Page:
Testimony of María Magdalena García Hernández
In this video María Magdalena García Hernández recalls the experience of childhood during the Spanish Civil War. She recounts how she and other children were taken across the border from to France during the day, to protect them from bombing raids, and how they were taken back to Spain at night. To pass the time, the children were encouraged to draw by their minders, with many of the children composing war scenes. Some of María Magdalena’s drawings are now in the collection of the University of California, San Diego. One of those appears in this museum: A Little Girl Draws the War.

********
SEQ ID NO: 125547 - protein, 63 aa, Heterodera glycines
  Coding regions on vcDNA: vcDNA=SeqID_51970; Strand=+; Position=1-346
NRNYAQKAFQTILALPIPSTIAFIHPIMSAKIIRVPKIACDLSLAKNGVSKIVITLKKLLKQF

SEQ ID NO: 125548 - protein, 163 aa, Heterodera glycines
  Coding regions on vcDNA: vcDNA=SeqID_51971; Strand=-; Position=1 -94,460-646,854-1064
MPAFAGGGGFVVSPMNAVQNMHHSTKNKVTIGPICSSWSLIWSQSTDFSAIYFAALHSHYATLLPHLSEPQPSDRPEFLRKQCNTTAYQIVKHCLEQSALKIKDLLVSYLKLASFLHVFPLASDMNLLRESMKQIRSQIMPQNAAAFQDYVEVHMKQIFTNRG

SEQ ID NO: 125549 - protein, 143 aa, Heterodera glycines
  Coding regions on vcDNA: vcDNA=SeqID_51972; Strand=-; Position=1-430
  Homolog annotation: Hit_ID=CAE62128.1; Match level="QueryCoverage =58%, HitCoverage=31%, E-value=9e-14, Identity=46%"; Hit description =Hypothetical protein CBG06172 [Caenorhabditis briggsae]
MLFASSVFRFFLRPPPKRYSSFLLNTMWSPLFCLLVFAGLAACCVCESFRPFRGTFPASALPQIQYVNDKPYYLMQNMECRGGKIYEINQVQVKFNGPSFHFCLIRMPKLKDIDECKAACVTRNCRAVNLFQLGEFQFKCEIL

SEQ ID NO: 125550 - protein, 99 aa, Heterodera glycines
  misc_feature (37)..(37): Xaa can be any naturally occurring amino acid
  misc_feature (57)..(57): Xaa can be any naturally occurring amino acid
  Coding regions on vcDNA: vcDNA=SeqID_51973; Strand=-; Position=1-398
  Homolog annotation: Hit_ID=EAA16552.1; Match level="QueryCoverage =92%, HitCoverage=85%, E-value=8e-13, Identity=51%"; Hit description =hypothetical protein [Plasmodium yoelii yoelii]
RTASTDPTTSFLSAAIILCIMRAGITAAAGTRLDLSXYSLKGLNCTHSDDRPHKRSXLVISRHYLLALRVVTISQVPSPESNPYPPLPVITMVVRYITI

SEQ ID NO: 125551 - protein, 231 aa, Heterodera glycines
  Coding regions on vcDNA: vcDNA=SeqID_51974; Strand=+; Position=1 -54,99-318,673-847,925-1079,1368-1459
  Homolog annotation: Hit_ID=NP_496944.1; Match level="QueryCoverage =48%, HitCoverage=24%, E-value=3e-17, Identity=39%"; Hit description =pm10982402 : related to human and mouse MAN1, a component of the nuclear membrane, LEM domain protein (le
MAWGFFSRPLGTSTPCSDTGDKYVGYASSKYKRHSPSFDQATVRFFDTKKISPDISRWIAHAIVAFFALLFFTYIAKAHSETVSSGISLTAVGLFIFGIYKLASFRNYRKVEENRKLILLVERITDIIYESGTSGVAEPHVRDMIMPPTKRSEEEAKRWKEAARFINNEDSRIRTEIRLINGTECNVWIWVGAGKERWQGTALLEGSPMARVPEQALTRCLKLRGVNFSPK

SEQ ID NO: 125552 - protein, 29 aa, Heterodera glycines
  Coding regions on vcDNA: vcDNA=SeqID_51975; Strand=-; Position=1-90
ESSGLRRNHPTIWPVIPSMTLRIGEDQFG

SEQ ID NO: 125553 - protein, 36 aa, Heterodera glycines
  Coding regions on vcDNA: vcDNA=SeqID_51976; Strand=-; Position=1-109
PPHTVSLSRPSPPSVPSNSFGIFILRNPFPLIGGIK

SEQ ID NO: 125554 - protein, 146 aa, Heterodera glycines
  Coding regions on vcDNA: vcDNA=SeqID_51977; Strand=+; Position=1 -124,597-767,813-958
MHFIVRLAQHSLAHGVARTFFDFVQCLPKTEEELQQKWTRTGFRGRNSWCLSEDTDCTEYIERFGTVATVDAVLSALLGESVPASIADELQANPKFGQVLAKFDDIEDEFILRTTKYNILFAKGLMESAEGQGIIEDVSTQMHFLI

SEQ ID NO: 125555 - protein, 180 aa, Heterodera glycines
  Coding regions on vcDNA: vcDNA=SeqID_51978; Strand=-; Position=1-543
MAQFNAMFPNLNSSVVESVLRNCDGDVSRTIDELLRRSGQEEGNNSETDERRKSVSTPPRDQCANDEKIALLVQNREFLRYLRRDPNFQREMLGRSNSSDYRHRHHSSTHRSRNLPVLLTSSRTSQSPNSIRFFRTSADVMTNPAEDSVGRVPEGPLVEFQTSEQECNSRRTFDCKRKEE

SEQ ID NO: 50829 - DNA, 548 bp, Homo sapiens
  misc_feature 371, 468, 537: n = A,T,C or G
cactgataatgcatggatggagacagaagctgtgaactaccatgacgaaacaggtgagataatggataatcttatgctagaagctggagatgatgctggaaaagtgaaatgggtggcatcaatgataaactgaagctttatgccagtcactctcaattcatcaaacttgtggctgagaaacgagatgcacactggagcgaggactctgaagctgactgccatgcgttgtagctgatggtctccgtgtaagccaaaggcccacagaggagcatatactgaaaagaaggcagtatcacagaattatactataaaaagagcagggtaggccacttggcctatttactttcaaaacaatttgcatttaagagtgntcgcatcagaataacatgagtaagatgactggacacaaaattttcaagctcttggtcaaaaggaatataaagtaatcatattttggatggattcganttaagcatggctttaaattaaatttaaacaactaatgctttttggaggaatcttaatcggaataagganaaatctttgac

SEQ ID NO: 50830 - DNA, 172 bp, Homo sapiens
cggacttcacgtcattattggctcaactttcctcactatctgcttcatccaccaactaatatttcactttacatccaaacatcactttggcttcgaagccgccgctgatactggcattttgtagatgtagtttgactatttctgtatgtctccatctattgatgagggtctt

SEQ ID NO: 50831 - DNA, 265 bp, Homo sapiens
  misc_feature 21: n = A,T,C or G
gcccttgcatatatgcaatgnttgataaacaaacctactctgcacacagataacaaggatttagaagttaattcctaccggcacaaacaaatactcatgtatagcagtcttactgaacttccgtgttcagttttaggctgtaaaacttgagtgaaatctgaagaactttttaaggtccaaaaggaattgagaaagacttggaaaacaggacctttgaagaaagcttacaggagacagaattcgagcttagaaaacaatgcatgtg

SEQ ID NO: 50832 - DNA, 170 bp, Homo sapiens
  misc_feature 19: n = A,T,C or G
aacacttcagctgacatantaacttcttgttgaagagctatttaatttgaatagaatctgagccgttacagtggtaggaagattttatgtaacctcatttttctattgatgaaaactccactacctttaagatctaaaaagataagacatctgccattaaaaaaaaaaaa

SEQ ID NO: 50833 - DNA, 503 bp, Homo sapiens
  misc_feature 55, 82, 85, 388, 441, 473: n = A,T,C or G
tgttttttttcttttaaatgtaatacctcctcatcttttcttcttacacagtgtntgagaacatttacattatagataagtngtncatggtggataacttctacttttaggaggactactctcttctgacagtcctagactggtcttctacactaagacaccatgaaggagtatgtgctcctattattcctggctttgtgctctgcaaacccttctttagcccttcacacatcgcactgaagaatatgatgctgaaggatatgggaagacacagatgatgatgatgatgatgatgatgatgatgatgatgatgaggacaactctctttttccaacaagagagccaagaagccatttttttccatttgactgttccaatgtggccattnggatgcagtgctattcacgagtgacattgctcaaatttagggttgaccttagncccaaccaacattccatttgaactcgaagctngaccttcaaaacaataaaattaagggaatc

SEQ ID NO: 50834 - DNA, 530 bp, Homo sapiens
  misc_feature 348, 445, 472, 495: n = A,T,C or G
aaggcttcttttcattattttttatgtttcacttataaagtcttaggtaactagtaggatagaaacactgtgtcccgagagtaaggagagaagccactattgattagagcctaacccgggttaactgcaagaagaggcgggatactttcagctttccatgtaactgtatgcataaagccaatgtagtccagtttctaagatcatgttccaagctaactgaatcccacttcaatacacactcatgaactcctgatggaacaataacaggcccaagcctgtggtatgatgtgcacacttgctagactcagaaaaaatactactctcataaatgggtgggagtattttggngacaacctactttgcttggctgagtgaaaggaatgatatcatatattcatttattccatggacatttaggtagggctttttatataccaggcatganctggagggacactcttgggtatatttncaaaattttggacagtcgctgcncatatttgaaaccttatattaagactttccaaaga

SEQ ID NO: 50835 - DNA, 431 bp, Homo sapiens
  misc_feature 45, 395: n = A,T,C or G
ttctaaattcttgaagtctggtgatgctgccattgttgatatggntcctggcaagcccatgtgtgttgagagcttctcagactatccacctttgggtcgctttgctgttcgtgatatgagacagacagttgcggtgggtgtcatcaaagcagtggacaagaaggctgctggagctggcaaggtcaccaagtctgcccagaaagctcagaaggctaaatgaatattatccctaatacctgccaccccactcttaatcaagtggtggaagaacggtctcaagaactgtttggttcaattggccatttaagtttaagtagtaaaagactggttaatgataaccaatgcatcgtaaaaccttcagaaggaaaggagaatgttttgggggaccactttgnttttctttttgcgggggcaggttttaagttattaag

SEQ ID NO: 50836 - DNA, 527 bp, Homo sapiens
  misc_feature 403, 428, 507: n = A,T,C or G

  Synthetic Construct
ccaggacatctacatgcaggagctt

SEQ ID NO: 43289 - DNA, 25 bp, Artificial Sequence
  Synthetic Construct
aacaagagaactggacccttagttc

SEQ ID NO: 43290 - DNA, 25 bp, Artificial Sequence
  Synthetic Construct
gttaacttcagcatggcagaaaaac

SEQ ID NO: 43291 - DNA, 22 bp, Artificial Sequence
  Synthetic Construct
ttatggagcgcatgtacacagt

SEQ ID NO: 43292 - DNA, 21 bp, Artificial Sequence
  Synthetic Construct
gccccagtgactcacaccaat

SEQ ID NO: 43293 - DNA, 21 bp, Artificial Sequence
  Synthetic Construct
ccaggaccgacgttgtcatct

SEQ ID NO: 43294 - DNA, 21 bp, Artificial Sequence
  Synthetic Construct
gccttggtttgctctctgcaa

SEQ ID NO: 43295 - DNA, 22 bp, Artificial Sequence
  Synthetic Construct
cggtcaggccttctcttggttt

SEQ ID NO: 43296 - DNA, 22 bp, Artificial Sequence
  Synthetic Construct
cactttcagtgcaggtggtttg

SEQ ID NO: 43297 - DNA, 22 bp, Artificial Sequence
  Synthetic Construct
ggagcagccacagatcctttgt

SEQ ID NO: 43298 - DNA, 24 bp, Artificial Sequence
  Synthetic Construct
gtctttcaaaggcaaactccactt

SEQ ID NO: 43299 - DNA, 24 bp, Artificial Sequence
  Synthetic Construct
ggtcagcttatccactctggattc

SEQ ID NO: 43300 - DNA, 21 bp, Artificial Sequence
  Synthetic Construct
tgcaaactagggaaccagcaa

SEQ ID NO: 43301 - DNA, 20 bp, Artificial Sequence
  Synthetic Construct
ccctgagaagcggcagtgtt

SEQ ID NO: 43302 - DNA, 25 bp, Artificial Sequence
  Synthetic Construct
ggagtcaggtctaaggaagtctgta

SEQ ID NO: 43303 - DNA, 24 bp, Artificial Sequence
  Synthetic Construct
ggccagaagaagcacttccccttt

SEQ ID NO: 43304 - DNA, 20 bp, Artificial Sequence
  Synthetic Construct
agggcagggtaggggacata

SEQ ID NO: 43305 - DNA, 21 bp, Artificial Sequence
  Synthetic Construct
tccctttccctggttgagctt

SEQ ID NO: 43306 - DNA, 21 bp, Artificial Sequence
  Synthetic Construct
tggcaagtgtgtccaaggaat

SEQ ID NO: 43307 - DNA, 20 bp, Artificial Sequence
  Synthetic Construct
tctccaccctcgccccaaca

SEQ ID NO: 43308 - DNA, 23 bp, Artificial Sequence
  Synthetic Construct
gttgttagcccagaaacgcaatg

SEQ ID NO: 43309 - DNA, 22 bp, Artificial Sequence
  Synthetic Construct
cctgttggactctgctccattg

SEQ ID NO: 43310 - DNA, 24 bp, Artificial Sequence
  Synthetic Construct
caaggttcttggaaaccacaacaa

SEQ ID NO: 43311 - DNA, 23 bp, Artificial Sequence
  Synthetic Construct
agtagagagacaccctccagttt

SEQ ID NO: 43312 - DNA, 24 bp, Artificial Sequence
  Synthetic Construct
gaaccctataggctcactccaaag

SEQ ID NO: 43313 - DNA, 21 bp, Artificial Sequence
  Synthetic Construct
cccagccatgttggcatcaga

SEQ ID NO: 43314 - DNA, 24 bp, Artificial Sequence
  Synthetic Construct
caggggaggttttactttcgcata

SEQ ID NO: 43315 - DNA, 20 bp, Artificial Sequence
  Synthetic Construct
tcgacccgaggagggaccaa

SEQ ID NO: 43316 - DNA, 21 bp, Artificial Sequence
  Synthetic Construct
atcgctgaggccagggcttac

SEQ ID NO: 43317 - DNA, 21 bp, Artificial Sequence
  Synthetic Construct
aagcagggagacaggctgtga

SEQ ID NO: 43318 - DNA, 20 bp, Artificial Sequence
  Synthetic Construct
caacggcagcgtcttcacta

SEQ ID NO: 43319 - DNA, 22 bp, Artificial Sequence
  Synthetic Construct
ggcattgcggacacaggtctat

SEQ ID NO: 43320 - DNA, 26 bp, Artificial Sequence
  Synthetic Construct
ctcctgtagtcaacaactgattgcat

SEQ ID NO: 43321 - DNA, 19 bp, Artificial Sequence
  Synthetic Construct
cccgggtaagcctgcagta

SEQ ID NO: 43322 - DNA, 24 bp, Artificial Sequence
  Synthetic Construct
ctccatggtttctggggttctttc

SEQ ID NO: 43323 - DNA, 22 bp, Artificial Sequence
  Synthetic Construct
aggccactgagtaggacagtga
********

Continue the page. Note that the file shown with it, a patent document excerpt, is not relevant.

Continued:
In February of 1939, María Magdalena and her family left Spain permanently as refugees, spending some days in the infamous camp at Argelès-sur-Mer before being moved to another refuge at Cordes-sur-Ciel, which was only for women and children. The reception by the local community which she remembers was warm and welcoming. María Magdalena’s story is a familiar one of forced exile and survival through hard work. She left Spain aged 11 but continues to share her experience with local schoolchildren in France so that they might understand the nature of exile. Her sense of national identity is highly emotional and refracted through the experience of dislocation and upheaval which the end of the war entailed for a great many Spaniards.